Editor's Desk

Invested interests: Divestment strategy

The prophet Isaiah, whose words we read in Advent, gives us wonderful images of peace and of the restoration of Zion—images of the wolf living with the lamb, of waters breaking forth out of the wilderness, of a land where there shall be “no lion, nor any ravenous beast.”

I can’t read these passages, however, without remembering Woody Allen’s comment that when lion and calf lie down together, only the lion will get back up. I also recall something Dietrich Bonhoeffer said about peace being the opposite of security—peace is a great venture, something to be dared.

The General Assembly of the Presbyterian Church (U.S.A.) recently made what it thought was a daring decision on behalf of peace. It decided to begin a process of selected, phased divestment from corporations whose business is deemed harmful to Palestinians and Israelis. The response to this decision inside and outside Presbyterian congregations has been vigorous and heated—and not exactly peaceful.

Our Jewish neighbors have been deeply hurt by what they regard as an attack on the state of Israel and its economy, and on Jews personally. I have tried to interpret my church’s action to Jewish friends by explaining that its focus is Israeli policy, not Israel’s economy or existence and certainly not Jewish people.

I have also tried to help congregation members, who aren’t always paying attention to what their denomination is doing, or who wonder why it is doing what it does, to provide some answers when their Jewish neighbors or co-workers ask them why the Presbyterian Church is picking on Israel.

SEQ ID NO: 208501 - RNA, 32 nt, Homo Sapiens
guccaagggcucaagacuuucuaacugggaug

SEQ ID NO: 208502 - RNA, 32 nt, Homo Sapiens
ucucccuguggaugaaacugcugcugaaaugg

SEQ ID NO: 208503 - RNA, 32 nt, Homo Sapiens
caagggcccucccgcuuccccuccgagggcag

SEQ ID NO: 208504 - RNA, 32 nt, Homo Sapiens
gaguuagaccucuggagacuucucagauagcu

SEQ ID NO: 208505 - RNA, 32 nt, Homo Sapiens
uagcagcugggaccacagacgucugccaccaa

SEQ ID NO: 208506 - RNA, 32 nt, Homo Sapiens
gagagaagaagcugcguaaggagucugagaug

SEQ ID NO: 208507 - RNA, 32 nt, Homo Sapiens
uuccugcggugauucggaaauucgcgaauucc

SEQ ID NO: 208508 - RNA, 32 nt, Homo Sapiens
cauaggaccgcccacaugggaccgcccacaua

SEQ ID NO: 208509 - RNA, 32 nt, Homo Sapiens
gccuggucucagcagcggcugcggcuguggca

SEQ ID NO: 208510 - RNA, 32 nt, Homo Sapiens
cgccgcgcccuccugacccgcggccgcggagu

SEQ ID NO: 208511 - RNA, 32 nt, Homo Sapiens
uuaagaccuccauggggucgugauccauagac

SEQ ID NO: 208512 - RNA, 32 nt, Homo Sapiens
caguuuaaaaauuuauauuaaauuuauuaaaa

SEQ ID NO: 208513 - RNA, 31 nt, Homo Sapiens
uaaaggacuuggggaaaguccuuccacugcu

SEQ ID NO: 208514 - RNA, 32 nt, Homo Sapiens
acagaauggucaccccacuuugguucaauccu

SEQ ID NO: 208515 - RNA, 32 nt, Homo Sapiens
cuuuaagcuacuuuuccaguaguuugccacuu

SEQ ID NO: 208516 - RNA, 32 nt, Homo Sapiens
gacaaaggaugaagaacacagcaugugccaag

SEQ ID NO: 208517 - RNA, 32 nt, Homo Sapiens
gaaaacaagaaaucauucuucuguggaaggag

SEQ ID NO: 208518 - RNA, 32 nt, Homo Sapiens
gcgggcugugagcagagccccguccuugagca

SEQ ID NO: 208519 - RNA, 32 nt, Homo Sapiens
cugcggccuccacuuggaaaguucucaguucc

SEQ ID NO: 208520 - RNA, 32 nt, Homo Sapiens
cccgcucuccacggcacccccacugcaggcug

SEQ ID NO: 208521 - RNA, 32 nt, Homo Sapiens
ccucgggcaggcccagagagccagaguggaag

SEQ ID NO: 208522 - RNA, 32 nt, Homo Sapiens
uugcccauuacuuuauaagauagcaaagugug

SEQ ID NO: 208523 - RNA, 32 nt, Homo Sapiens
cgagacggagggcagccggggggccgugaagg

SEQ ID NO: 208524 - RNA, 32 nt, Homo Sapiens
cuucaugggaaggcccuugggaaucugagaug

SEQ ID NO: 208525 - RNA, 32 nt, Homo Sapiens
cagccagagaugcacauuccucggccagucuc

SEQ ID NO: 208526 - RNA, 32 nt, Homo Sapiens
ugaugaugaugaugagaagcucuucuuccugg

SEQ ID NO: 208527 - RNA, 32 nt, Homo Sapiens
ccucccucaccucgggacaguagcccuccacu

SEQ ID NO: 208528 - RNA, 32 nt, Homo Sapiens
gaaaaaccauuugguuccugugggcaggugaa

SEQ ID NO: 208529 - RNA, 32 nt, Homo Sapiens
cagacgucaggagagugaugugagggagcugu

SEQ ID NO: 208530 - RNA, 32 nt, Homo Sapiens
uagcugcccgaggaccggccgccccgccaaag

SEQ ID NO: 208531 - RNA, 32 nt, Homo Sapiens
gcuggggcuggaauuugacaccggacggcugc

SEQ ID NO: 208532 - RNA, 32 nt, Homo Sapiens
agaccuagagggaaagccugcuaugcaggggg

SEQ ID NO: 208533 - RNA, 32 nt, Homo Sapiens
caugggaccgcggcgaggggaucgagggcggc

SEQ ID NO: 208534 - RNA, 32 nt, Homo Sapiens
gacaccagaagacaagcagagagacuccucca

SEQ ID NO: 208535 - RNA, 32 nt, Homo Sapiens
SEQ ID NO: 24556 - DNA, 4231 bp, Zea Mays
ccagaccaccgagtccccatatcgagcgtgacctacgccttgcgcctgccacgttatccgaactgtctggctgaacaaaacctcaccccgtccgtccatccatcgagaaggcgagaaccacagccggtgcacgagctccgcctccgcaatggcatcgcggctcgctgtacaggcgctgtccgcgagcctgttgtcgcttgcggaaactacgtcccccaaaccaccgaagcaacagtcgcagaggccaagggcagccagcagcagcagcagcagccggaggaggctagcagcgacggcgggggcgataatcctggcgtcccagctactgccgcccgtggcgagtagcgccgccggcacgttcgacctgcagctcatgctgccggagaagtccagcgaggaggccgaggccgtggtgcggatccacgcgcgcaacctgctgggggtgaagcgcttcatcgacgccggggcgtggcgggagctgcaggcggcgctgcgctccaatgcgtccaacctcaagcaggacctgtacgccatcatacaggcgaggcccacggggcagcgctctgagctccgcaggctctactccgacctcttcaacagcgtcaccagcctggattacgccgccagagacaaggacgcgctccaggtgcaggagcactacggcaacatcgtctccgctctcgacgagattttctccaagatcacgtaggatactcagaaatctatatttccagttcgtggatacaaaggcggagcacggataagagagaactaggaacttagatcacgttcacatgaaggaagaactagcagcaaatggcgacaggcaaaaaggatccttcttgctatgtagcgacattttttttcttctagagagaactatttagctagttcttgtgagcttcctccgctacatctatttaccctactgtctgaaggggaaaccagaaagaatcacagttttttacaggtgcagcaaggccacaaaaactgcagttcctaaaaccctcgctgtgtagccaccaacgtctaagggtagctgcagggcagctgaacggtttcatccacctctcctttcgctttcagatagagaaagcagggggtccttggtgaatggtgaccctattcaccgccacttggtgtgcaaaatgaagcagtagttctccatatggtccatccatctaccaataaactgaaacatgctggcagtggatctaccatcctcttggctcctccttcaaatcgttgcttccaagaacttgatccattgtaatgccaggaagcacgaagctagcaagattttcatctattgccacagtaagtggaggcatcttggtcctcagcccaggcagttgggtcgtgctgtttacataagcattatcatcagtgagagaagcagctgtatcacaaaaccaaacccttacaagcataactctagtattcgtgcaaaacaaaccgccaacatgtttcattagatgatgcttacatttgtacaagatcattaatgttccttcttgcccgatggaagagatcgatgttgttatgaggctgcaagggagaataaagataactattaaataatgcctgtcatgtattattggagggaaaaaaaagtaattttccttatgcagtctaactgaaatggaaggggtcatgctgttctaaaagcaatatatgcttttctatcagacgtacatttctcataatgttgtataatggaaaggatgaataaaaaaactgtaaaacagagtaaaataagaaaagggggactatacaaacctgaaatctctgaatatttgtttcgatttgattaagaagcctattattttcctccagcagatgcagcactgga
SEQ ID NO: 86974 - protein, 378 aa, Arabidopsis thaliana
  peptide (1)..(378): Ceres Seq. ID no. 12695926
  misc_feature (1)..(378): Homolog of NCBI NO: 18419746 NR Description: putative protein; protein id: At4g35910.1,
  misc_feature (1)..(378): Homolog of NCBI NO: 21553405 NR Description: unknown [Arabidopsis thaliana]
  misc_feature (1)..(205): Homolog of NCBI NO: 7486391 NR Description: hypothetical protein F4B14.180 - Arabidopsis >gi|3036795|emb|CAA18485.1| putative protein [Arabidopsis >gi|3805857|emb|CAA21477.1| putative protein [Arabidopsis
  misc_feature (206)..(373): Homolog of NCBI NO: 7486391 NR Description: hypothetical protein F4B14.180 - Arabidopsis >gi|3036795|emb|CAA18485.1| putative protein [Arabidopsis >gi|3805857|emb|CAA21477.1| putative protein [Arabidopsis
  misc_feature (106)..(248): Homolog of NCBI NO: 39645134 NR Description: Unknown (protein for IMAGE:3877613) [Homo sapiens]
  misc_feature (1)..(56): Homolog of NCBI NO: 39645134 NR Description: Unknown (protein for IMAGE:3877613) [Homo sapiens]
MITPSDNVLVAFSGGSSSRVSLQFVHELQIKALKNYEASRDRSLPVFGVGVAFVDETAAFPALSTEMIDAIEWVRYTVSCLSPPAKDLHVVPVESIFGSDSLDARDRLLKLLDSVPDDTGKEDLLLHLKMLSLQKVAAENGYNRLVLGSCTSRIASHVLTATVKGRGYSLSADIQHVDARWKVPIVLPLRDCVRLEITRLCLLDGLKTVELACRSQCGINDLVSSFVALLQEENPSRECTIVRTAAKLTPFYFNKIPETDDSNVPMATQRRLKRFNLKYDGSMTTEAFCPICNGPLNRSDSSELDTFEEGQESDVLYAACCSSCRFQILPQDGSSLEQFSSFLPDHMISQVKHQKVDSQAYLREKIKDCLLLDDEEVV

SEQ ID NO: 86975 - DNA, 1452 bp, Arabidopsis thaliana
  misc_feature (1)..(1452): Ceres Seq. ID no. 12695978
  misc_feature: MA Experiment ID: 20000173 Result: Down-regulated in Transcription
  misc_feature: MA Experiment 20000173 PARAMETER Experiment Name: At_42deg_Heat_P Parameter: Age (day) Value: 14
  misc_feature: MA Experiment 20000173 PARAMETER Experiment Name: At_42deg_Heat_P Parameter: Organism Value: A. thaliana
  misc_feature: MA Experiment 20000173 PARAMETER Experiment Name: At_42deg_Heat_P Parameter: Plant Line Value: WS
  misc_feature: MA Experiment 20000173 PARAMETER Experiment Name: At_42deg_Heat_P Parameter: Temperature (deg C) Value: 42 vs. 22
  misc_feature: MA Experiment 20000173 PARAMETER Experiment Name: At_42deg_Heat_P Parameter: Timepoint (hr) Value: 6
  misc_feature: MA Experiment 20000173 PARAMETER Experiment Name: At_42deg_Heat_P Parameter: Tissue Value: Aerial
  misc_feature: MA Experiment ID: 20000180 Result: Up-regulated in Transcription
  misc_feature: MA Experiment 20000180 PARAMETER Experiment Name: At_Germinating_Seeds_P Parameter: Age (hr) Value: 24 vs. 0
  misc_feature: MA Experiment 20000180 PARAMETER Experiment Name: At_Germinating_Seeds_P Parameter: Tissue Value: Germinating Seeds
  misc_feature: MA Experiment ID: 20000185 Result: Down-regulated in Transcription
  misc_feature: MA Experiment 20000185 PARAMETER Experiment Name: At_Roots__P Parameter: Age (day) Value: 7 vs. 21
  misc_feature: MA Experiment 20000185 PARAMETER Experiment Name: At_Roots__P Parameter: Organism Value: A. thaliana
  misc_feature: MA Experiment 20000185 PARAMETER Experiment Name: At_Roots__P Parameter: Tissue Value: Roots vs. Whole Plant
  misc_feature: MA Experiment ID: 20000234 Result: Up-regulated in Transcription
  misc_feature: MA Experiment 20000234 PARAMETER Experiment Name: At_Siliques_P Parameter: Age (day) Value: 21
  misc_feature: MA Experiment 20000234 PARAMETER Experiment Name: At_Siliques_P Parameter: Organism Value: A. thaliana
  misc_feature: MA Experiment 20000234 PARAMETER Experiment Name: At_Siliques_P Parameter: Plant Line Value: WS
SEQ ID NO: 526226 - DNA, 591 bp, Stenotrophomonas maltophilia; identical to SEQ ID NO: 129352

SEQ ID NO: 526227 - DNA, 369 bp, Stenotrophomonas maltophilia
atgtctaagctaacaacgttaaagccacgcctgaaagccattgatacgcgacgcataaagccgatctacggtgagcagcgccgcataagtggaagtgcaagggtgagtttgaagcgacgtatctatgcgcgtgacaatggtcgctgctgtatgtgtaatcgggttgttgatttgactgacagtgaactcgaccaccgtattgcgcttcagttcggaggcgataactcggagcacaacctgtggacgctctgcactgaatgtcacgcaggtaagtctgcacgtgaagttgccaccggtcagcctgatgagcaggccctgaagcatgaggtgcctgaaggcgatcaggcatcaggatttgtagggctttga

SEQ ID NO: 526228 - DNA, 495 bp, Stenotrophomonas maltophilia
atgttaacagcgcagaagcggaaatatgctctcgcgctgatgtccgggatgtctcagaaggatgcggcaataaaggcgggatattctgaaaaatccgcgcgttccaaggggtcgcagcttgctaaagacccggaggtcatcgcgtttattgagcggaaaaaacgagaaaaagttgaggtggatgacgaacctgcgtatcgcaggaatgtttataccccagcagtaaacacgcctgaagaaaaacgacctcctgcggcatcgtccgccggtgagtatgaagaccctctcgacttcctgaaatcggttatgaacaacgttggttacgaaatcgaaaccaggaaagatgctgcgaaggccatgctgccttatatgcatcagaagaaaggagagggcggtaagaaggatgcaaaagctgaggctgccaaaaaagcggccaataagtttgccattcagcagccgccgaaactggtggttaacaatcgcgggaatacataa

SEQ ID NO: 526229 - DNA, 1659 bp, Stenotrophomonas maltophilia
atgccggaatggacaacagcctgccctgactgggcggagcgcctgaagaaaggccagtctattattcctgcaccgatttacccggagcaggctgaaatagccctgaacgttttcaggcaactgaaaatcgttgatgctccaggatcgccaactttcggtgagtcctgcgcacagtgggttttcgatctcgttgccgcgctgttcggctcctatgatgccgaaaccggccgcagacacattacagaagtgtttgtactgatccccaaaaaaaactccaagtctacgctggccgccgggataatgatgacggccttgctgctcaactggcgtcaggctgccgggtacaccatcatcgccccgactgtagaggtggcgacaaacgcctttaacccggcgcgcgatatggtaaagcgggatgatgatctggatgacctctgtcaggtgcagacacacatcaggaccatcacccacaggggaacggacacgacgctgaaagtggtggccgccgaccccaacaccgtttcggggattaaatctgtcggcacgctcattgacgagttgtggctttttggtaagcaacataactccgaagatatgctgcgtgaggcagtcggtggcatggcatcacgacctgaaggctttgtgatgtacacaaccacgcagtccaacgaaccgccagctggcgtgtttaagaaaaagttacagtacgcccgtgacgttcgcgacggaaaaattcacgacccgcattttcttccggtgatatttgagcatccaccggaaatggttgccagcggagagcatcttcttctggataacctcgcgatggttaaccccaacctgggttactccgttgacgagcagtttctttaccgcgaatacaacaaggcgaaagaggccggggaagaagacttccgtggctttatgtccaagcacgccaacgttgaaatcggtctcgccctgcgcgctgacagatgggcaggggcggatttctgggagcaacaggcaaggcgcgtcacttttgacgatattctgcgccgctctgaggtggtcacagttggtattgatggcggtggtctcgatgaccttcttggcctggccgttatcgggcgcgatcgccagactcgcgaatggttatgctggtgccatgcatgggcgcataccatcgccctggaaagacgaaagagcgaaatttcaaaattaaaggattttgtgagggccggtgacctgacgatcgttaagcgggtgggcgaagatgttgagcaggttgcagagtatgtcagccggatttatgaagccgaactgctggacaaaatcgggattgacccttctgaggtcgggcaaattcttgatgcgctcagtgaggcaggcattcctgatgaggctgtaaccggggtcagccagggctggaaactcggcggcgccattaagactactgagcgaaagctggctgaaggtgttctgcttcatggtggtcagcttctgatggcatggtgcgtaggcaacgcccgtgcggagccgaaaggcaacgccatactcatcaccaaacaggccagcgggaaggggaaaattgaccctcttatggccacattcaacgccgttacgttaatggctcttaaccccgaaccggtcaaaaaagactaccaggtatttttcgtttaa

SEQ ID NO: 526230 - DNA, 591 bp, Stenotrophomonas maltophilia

Is there a way to show that the church’s concern is truly for peace? The congregation I serve took up this question, and after much discussion it came up with a strategy. The session produced a statement that, among other things:

• Asks the PCUSA to slow the divestment process in order to give the Jewish and Palestinian communities an opportunity to be heard.

• Asks the denomination, should divestment ultimately happen, to reinvest whatever proceeds are realized from the sale of divested holdings in corporations whose business in Israel is deemed positive, helpful and peaceful.

• Instructs its own investment committee to invest some funds in those kinds of businesses in order to underscore that the target is not Israel’s existence.

The statement also expresses the belief, so central to those Isaiah passages and the faith tradition of Jews, Muslims and Christians, that finding a way to work together is the best hope for peace in a land that is precious to us all.